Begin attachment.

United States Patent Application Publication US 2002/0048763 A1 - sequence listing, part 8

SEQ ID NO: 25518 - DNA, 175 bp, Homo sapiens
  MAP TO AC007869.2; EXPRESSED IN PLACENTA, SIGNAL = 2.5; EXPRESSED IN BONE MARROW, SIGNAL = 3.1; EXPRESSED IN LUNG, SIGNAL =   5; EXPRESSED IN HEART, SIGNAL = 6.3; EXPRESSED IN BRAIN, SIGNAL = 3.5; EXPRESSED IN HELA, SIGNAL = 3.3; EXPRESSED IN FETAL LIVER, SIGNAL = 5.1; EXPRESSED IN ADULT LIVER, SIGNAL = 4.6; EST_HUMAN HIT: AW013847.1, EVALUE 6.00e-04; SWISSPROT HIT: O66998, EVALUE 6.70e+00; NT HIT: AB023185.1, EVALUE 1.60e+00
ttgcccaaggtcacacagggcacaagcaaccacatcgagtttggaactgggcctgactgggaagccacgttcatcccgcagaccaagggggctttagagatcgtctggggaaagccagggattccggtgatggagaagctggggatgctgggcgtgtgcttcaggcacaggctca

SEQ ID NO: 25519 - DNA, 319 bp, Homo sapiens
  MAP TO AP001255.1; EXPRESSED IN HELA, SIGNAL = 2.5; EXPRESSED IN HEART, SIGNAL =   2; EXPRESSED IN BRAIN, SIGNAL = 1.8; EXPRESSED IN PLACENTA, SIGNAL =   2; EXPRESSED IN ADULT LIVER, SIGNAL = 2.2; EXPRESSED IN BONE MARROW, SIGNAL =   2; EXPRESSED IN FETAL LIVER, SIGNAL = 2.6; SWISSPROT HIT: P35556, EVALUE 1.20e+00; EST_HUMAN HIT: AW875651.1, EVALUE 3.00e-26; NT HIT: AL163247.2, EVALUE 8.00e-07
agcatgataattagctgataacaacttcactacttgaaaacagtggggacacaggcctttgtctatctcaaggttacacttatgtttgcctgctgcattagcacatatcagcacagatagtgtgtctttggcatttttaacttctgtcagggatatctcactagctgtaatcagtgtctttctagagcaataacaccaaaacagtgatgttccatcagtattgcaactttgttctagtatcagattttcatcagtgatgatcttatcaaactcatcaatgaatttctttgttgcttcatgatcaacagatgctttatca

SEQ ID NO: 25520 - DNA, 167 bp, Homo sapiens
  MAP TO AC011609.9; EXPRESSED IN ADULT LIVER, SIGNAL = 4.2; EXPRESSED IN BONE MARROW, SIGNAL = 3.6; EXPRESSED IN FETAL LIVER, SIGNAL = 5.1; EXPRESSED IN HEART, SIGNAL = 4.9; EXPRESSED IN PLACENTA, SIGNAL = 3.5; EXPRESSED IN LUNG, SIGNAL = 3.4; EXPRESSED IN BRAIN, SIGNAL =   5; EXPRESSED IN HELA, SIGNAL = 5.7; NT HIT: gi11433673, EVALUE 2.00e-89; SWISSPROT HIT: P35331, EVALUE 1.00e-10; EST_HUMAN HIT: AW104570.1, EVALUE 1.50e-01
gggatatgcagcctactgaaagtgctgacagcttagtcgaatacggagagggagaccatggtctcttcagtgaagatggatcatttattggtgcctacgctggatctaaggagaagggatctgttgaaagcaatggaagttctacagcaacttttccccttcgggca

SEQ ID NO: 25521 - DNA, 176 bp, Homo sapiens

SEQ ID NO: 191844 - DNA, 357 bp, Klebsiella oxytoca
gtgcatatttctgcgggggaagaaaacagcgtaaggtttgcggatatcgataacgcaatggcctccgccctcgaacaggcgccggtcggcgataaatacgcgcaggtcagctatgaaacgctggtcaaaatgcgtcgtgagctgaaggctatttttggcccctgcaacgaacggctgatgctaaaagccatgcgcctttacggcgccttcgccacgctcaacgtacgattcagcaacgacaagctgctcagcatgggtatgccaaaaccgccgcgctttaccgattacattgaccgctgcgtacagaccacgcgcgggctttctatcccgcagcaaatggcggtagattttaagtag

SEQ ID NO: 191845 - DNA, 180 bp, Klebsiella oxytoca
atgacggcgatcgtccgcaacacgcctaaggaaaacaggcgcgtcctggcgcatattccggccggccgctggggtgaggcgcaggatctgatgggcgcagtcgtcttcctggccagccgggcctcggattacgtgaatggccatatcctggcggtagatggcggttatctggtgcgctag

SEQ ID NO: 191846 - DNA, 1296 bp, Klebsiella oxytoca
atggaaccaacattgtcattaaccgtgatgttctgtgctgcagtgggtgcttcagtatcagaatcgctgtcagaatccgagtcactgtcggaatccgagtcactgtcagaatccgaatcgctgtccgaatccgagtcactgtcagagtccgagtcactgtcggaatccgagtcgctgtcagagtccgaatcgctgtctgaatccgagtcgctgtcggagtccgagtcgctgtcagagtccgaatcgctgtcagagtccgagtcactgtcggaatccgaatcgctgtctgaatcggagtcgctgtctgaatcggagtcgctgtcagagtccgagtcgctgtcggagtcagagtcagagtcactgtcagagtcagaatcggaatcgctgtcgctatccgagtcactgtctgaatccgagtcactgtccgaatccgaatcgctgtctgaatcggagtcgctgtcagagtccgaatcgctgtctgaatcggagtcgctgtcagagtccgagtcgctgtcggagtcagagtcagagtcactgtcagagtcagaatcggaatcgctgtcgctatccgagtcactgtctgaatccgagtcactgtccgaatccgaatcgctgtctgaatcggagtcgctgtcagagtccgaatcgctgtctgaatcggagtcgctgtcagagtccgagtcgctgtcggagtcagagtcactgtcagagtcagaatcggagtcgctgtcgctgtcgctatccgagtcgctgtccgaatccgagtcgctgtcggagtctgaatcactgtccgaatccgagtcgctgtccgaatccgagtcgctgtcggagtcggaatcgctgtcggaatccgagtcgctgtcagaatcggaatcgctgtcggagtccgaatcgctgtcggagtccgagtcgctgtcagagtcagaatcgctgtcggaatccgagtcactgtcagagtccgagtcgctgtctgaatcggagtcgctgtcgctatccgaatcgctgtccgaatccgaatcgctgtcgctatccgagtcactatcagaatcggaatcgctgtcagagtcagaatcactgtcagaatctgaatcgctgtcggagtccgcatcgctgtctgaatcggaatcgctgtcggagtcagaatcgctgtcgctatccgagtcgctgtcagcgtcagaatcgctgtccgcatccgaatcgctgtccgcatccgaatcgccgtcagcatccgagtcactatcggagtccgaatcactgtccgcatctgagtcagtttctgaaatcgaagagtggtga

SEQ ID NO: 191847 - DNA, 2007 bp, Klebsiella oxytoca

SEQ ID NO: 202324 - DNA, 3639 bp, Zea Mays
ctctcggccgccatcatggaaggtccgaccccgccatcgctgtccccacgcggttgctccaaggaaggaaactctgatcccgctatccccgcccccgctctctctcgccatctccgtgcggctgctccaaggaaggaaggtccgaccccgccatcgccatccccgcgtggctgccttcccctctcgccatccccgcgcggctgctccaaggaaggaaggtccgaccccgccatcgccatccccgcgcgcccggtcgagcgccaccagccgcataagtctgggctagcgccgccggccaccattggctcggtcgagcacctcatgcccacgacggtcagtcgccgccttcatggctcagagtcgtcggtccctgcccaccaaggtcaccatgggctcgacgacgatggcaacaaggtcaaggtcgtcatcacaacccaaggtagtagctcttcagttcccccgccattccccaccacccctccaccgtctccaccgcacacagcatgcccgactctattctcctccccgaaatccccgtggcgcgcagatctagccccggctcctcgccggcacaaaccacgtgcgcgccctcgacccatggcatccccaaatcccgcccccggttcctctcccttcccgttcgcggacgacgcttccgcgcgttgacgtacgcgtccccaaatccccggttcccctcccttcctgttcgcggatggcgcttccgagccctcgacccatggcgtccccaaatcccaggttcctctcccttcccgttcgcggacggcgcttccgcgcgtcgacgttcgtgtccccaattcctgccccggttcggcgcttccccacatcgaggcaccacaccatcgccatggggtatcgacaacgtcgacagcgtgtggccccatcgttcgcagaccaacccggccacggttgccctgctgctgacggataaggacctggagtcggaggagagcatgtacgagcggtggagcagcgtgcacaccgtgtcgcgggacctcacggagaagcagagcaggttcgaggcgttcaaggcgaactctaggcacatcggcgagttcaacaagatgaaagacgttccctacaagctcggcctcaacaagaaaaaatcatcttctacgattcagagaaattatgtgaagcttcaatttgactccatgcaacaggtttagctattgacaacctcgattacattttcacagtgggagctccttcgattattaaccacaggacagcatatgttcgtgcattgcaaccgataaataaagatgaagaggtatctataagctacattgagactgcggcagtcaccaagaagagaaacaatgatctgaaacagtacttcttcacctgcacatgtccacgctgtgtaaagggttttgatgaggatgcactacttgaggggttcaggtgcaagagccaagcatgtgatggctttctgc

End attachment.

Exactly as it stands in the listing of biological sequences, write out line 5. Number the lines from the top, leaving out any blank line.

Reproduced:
SEQ ID NO: 25519 - DNA, 319 bp, Homo sapiens